Our street, Bimini Place, has a great history. Bimini runs just two blocks – it’s a block east of Vermont Avenue at First Street. When I am speaking with elderly folks who grew up in Los Angeles and I mention what street I live on, they often say “Oh! I remember going to the Bimini Baths as a kid.”
Legend has it that, in the late 1800s, folks were prospecting for oil here, and hit hot water. According to this 1902 article, Dr. David W. Edwards opened the Bimini Baths in 1902 in this “rather remote location… nestled in the eucalyptus groves surmounting the hills beyond the Westlake oil fields, it is out of the sight of most men.” The first baths building burned down in 1905 and was re-built even bigger (as seen in the above photos.)
The street car line visible in the photo above (and the upper photo), was called the H line. This line came from downtown along its own right-of-way and turned around at 1st and Vermont, then the suburban streetcar terminus.
The Bimini Baths closed in 1951 after being desegregated. The facility had been closed to (at least) blacks and Asians. Attendance had already been in decline due to fear of contracting polio from public pools. When I moved into the neighborhood in 1996, the baths site was the building where the Daily Racing Form was printed. This enterprise departed, and the site is now the Mijoo Peace Church (pictured above.)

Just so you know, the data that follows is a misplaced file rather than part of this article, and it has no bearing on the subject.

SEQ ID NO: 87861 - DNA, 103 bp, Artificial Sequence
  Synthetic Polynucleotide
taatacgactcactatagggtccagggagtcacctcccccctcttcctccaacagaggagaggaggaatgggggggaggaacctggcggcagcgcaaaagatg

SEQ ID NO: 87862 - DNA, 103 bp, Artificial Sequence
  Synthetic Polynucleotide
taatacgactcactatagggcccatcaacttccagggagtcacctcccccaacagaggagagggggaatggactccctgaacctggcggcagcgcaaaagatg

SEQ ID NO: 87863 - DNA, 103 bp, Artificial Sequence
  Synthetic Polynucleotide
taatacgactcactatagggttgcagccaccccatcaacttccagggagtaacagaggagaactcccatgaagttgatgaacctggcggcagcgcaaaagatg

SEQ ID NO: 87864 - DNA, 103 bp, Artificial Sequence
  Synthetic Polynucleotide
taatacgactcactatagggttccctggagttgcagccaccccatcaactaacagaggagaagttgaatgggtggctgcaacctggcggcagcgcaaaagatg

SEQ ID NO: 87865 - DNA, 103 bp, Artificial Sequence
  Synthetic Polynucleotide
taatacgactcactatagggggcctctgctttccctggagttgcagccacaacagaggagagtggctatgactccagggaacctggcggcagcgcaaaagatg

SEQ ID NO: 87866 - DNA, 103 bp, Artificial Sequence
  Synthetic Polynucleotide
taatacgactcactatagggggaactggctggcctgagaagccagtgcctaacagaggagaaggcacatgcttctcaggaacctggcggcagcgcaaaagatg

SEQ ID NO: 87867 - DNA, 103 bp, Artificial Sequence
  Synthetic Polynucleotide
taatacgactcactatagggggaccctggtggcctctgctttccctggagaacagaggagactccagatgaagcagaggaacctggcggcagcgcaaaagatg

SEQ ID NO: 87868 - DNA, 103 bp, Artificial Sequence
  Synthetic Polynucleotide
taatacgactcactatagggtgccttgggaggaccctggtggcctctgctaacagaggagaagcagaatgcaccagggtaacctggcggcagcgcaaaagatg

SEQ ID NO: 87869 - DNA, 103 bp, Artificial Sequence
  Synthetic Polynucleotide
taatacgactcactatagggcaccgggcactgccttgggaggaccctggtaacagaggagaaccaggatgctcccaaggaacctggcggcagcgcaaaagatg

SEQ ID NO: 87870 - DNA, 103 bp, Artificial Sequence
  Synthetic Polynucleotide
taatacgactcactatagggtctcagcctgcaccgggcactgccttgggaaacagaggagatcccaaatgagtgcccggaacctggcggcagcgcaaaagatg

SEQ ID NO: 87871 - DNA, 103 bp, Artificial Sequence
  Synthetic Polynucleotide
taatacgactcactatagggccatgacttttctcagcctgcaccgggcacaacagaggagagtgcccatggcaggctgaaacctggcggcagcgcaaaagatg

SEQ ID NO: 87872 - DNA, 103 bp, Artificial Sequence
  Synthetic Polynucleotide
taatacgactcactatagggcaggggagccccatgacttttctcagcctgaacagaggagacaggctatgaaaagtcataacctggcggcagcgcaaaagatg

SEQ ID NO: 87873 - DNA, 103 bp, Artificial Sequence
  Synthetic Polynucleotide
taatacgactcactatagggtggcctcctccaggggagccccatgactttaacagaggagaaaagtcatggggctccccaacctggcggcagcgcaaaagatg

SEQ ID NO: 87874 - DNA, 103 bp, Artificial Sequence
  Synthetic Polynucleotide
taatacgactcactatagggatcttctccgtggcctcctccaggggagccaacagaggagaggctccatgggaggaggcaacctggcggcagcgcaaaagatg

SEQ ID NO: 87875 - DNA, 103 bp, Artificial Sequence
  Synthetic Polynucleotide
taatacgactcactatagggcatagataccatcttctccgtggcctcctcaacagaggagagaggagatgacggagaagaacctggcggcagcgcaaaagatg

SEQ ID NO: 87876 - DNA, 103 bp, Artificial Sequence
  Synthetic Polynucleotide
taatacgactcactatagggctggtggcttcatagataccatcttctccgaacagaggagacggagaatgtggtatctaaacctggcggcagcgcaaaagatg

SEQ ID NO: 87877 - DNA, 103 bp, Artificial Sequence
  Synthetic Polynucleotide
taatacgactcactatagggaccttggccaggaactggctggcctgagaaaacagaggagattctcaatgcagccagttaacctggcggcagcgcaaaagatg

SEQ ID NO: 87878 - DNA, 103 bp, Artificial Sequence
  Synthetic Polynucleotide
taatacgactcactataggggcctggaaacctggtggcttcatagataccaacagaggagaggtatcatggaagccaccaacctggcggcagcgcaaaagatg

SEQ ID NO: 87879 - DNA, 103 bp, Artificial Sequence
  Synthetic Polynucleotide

There are a few remaining traces of the old streetcar tracks. There are tracks (pictured above) that cross the sidewalk just north of eco-village’s 117 Bimini building. These tracks continue into the lot behind Red’s Auto Repair, at the southwest corner of Bimini Place and First Street. When the city built the shared street project here in 2008, they converted this sidewalk to permeable concrete. I heard that the streetcar rails weren’t in the city’s project design drawings. The crew that was out here to re-do the sidewalk came across the tracks and decided to leave them in place and to add the decorative brick treatment around them.
Prior to the street being resurfaced last year, there were cracks in the street that revealed the outlines of tracks beneath. I remember being able to see the actual rails in the street in one pothole… so the tracks are still out there under the asphalt. There’s also, outside Seijin’s Auto Repair, a small section of oddly curved sidewalk curb (shown below) that paralleled the tracks as they turned north onto Bimini. I think that the old rail right-of-way runs through the auto repair site… but I haven’t been on that site and looked for any rail remnants.
Some additional reading/viewing/information here: (in addition to the above links in the story)
>Bresee Foundation Community Stories
>2004 LA Times “Then and Now” Article
>Militant Angeleno in Search of Sacatela Creek